“Schlitz Playhouse of Stars,” later known as “Schlitz Playhouse” was a popular American television anthology series that aired from 1951 to 1959. Later, the show went into syndication as “Herald Playhouse”. The show featured a wide variety of dramatic and comedic episodes, each with a different cast and storyline. It was sponsored by the Schlitz Brewing Company, hence the name, and produced by various television networks during its run. The series is known for its high production values and hosting several notable actors and directors. Each episode presented a self-contained story, making it a prominent example of early television anthology programming, featuring diverse genres and often adapting famous literary works or showcasing original scripts.
Stephen McNally, born on July 29, 1913, and passing away on June 4, 1994, was an American actor known for his extensive career in film and television. He began his acting journey in the 1940s and quickly made a name for himself in Hollywood. McNally appeared in numerous films, showcasing his versatility as an actor. Some of his notable movie roles include “Johnny Belinda” (1948), in which he portrayed a compassionate doctor, and “Winchester ’73” (1950), where he played a rival to James Stewart’s character. His talent and rugged charm also led to roles in westerns, a popular genre during his time. McNally transitioned to television in the 1950s, taking on various guest roles in series like “Wagon Train” and “Perry Mason.”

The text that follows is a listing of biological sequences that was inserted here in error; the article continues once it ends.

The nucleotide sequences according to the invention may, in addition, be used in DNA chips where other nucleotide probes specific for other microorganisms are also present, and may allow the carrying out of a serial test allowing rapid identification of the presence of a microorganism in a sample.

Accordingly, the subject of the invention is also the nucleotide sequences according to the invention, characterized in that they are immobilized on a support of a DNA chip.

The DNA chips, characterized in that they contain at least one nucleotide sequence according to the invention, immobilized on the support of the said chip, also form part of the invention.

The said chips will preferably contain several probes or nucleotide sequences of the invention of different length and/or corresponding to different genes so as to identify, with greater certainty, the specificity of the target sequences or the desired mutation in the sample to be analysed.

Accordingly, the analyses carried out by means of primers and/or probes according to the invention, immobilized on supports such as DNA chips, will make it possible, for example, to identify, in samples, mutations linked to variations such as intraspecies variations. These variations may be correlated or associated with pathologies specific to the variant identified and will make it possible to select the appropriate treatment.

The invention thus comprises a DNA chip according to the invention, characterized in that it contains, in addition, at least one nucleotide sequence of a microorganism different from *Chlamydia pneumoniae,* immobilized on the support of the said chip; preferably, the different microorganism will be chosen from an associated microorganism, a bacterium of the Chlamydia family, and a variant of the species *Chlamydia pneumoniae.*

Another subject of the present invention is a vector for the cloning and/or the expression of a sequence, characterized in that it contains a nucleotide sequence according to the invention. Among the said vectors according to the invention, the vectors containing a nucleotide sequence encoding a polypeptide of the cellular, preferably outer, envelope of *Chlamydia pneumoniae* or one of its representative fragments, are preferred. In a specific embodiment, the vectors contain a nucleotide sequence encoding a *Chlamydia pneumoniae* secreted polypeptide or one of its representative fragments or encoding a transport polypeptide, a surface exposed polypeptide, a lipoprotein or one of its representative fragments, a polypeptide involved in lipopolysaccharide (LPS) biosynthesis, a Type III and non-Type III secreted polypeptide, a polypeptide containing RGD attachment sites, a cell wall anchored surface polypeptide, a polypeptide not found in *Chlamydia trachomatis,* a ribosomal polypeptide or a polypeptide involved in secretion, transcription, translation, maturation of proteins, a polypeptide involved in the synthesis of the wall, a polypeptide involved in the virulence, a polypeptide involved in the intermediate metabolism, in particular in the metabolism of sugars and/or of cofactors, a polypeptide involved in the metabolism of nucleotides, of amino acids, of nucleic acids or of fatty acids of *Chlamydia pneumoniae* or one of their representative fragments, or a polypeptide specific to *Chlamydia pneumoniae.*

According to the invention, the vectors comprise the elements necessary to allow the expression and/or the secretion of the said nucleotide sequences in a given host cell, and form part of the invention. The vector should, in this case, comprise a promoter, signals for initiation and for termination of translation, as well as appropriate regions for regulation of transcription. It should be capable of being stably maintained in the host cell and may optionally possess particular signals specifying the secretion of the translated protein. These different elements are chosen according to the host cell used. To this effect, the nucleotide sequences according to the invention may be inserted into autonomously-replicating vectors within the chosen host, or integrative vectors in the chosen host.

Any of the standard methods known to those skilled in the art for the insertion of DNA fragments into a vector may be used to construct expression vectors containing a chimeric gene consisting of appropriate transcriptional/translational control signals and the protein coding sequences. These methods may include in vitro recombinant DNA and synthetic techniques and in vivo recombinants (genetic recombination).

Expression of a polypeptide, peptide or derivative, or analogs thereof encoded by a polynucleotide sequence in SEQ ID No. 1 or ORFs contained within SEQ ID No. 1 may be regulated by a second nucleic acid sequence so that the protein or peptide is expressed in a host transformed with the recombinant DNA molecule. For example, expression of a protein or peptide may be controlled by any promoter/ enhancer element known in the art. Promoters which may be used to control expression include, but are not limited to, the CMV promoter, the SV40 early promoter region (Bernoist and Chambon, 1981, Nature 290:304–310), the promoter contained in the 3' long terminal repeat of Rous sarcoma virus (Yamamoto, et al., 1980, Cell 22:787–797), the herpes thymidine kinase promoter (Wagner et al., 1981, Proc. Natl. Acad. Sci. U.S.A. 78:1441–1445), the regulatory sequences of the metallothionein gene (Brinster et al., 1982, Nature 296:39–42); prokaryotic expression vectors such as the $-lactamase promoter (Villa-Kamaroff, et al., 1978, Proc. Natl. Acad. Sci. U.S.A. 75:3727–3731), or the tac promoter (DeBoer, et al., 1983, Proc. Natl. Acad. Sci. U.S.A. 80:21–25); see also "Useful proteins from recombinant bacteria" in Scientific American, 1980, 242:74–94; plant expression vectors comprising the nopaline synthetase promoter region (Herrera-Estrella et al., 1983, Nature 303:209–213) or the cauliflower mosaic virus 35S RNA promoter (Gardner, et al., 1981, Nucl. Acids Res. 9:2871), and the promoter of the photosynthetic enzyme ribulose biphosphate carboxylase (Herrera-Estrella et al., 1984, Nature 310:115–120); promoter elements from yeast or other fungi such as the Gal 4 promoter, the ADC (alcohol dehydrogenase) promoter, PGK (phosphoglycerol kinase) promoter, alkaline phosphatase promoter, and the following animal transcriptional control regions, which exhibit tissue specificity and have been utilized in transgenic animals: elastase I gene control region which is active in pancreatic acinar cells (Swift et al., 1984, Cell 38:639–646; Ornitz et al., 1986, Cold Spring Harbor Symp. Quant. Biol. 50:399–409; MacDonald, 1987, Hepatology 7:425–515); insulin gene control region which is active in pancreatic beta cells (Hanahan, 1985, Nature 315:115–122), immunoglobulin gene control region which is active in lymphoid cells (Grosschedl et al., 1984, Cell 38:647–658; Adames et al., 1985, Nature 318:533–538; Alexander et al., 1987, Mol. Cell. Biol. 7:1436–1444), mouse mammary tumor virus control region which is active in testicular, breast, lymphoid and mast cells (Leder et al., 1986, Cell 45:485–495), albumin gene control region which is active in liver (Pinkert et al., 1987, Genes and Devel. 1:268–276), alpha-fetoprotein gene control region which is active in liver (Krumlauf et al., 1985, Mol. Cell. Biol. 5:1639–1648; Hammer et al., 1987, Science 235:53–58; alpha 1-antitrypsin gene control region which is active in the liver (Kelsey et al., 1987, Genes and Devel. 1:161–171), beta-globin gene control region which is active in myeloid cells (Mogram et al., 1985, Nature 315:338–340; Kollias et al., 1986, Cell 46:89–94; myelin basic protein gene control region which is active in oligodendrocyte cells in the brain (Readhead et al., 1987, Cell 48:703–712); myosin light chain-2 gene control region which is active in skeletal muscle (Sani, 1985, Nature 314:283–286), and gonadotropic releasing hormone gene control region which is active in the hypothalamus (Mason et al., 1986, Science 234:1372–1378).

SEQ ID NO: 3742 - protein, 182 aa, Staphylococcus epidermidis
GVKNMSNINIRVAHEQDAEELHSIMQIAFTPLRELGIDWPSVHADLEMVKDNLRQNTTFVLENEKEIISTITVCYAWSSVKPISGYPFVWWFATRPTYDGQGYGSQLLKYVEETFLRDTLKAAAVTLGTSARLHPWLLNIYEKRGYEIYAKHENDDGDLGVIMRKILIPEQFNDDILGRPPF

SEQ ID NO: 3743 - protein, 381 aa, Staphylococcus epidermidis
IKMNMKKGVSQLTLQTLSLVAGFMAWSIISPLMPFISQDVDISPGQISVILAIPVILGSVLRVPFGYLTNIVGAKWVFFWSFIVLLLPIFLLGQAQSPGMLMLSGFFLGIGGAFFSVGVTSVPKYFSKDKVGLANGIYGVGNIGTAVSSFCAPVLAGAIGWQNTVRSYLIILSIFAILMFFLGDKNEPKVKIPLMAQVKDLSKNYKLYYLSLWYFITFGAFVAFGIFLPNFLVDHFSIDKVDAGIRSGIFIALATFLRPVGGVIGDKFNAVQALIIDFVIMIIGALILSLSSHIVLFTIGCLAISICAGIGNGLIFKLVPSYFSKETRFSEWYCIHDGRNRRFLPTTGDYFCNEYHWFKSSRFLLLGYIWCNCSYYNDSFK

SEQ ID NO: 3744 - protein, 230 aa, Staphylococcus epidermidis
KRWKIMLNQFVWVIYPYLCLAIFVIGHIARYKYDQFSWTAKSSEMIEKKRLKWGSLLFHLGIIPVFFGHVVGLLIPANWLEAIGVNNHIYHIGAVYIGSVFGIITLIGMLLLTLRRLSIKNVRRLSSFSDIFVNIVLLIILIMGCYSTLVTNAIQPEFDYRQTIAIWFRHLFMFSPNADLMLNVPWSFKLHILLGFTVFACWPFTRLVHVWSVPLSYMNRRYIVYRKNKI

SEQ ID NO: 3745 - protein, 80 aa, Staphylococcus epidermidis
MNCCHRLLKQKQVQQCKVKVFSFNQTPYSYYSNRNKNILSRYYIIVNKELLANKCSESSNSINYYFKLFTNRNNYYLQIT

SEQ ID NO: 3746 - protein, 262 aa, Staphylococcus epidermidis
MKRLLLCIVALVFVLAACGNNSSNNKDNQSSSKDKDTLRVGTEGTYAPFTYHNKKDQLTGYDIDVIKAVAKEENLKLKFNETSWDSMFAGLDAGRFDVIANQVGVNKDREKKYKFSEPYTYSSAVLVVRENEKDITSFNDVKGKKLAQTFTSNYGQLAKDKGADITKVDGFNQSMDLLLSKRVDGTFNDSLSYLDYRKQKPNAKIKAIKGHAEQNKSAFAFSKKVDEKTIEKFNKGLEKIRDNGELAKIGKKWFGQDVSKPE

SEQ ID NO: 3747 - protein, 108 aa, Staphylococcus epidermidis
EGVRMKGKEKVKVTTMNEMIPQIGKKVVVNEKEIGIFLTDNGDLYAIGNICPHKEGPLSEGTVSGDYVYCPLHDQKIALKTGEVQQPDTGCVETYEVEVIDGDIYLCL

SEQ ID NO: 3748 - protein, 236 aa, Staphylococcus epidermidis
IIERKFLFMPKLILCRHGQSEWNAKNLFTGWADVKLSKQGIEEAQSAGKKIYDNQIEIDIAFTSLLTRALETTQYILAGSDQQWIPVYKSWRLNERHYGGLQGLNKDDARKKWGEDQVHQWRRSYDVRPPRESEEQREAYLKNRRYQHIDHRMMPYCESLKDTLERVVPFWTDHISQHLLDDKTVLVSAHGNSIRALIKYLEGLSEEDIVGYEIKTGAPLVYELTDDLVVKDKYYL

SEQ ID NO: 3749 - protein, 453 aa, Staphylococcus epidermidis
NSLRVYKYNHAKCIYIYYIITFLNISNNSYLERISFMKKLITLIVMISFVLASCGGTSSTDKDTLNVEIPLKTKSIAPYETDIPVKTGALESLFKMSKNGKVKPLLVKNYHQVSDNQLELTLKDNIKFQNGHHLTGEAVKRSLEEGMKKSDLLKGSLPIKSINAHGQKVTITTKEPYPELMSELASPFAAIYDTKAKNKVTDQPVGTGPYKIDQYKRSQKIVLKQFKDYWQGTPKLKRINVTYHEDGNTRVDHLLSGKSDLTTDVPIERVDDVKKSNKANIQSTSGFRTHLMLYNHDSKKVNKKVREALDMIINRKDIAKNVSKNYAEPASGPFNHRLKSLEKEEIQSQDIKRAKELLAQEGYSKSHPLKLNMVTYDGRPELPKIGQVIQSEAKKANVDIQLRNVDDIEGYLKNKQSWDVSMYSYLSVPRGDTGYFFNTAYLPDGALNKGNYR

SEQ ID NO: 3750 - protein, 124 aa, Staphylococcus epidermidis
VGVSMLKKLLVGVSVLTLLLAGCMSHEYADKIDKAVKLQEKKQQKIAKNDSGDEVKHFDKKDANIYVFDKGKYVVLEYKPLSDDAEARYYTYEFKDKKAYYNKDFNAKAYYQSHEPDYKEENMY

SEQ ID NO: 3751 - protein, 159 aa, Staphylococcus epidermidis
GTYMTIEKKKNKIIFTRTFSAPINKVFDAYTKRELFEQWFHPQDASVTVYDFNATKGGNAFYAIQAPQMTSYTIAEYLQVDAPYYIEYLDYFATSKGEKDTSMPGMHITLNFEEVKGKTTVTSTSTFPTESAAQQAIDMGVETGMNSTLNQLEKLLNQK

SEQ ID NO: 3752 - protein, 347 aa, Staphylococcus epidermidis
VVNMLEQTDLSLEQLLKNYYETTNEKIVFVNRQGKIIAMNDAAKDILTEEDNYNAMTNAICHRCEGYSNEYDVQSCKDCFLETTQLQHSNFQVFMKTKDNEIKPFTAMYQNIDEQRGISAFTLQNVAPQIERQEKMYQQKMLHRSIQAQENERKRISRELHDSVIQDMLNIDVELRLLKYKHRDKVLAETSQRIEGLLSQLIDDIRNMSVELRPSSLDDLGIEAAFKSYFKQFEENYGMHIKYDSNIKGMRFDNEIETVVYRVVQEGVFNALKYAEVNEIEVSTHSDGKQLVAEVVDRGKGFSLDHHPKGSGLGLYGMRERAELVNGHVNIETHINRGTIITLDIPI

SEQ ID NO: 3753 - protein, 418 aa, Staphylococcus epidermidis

Throughout his career, Stephen McNally established himself as a dependable and skilled character actor, with a filmography that includes over 90 film and television credits. His performances in both film and television contributed to the rich tapestry of American entertainment, and he remains a respected figure in the history of Hollywood.
Paul Langton was an American actor whose career spanned several decades, from the 1930s through the 1970s. He was born on April 17, 1913, in Salt Lake City, Utah, and passed away on April 15, 1980. Langton is best known for his work in both film and television. He appeared in a wide range of movie genres, from westerns to crime dramas, but he was particularly recognized for his contributions to the film noir genre. Notable films in which he appeared include “Fear in the Night” (1947) and “Born to Kill” (1947).
In addition to his film career, Paul Langton made a significant impact on television. He was a prolific presence in the early days of the medium, with roles in various popular TV shows. He is perhaps most famous for his role as Leslie Harrington in the long-running soap opera “Peyton Place,” which aired from 1964 to 1969. His work in television continued throughout the 1950s and 1960s, making him a recognizable face to many TV viewers. Paul Langton’s versatile acting career left a lasting mark on both the big and small screens, and he remains a notable figure in the history of American entertainment.
Harry Shannon was an American actor born on June 13, 1890, and he passed away on July 27, 1964. He had a prolific career in Hollywood, primarily during the 1930s and 1940s. Shannon is remembered for his versatile roles, often portraying tough and authoritative characters. He appeared in over 100 films, making his mark in classic movies like “The Thin Man” (1934) and “Conflict” (1945). His notable filmography and distinctive on-screen presence established him as a memorable character actor of his era.